Wei Chuang was a prolific Tang dynasty poet. He not only wrote in the shih form (poems in the old and new styles, the latter having strict rules of meter, rhyme, and euphony), but also was one of two literati founders of the tz’u (lyric) tradition, based on a popular song form. This tripartite study provides a thoroughgoing picture of his life and work.
The book begins with the first detailed biography of Wei Chuang in a Western language, drawn both from historical sources and Wei’s poetry. The shih poems are intensely autobiographical and provide insight into Wei’s own experience and into the situation in China at the end of the ninth century. A second section analyzes the poetry, demonstrating that Wei’s tz’u cannot be understood without reference to his shih compositions, a new approach to the totality of Wei’s work. Finally, this volume presents translations, briefly annotated, of 110 shih poems, including his major narrative poem, The Lament of the Lady of Chin, and almost all the tz’u attributed to him, constituting more than a third of Wei Chuang’s extant poetry. The translations, while hewing close in meaning to their Chinese originals, have considerable value as poems in English.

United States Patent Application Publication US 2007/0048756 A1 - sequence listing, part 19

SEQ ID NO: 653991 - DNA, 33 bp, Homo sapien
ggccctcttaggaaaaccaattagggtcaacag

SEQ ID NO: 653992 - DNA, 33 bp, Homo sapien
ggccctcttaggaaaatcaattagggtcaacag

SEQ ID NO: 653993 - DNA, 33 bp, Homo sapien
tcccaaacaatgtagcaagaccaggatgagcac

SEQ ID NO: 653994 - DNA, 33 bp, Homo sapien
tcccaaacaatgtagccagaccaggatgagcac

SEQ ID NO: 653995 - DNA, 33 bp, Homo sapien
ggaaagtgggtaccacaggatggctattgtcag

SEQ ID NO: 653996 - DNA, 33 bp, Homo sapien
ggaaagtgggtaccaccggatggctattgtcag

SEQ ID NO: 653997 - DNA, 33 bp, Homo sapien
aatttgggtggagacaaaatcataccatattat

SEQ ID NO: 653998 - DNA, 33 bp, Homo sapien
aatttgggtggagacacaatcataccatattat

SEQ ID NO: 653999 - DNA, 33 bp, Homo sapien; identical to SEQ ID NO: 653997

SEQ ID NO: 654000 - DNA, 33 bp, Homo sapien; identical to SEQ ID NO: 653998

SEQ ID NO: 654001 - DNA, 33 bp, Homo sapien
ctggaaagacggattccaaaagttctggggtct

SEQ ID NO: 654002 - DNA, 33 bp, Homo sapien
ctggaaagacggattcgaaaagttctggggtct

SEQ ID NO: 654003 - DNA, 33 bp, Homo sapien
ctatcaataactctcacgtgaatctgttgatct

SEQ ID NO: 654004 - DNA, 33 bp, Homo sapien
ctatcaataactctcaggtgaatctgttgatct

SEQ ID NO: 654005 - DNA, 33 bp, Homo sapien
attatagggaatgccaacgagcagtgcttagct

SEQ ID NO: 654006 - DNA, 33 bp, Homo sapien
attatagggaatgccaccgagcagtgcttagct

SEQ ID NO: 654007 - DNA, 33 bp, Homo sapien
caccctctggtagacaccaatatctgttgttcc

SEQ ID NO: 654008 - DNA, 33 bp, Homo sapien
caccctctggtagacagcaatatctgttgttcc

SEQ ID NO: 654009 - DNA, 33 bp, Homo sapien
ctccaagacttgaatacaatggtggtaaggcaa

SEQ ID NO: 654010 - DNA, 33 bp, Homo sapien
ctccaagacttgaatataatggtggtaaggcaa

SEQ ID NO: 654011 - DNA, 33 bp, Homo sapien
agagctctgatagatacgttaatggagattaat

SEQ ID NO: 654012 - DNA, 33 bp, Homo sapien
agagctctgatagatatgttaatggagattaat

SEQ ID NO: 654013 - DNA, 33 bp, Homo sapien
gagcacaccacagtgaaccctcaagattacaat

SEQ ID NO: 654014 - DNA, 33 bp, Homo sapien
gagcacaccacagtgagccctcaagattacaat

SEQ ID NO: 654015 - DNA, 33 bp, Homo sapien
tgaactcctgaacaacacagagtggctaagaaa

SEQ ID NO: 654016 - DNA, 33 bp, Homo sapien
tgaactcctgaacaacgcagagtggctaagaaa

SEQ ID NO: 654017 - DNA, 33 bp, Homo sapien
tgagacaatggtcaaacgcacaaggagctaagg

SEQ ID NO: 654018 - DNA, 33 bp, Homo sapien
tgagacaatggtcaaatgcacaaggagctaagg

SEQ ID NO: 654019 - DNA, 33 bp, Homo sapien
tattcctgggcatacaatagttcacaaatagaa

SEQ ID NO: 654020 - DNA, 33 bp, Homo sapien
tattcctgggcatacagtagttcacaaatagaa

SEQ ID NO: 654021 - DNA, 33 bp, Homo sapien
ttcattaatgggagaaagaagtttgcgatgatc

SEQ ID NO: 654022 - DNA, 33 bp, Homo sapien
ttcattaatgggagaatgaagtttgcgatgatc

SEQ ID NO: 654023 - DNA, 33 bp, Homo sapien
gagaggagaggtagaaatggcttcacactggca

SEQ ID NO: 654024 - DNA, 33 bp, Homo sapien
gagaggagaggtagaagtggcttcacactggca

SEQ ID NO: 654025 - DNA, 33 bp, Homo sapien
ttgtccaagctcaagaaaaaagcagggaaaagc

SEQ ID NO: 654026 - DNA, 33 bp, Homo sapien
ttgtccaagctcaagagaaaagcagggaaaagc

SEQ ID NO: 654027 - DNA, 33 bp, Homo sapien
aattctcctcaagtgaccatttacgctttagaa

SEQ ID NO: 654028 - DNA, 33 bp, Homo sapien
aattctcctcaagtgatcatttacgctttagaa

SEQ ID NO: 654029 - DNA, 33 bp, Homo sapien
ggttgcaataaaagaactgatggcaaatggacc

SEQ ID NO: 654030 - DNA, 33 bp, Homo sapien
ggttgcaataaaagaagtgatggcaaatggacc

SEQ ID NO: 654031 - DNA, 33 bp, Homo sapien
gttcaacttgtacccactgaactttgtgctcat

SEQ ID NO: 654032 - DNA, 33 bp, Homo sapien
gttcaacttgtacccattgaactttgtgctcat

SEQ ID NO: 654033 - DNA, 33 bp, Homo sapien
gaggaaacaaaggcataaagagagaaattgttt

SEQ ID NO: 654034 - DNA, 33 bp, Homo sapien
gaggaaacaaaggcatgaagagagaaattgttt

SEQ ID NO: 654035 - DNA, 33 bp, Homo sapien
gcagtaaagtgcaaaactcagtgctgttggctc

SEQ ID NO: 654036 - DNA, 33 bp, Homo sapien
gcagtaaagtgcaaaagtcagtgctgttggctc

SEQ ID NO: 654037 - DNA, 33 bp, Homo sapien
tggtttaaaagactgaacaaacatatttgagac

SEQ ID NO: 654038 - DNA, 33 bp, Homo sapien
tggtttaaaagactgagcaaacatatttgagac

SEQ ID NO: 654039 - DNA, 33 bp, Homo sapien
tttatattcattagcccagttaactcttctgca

This work offers information that is useful to those interested in the literature, history, and general culture of medieval China. The translations bring to modern readers of English poetry the pleasures of becoming acquainted with a complex and innovative voice from the Chinese past.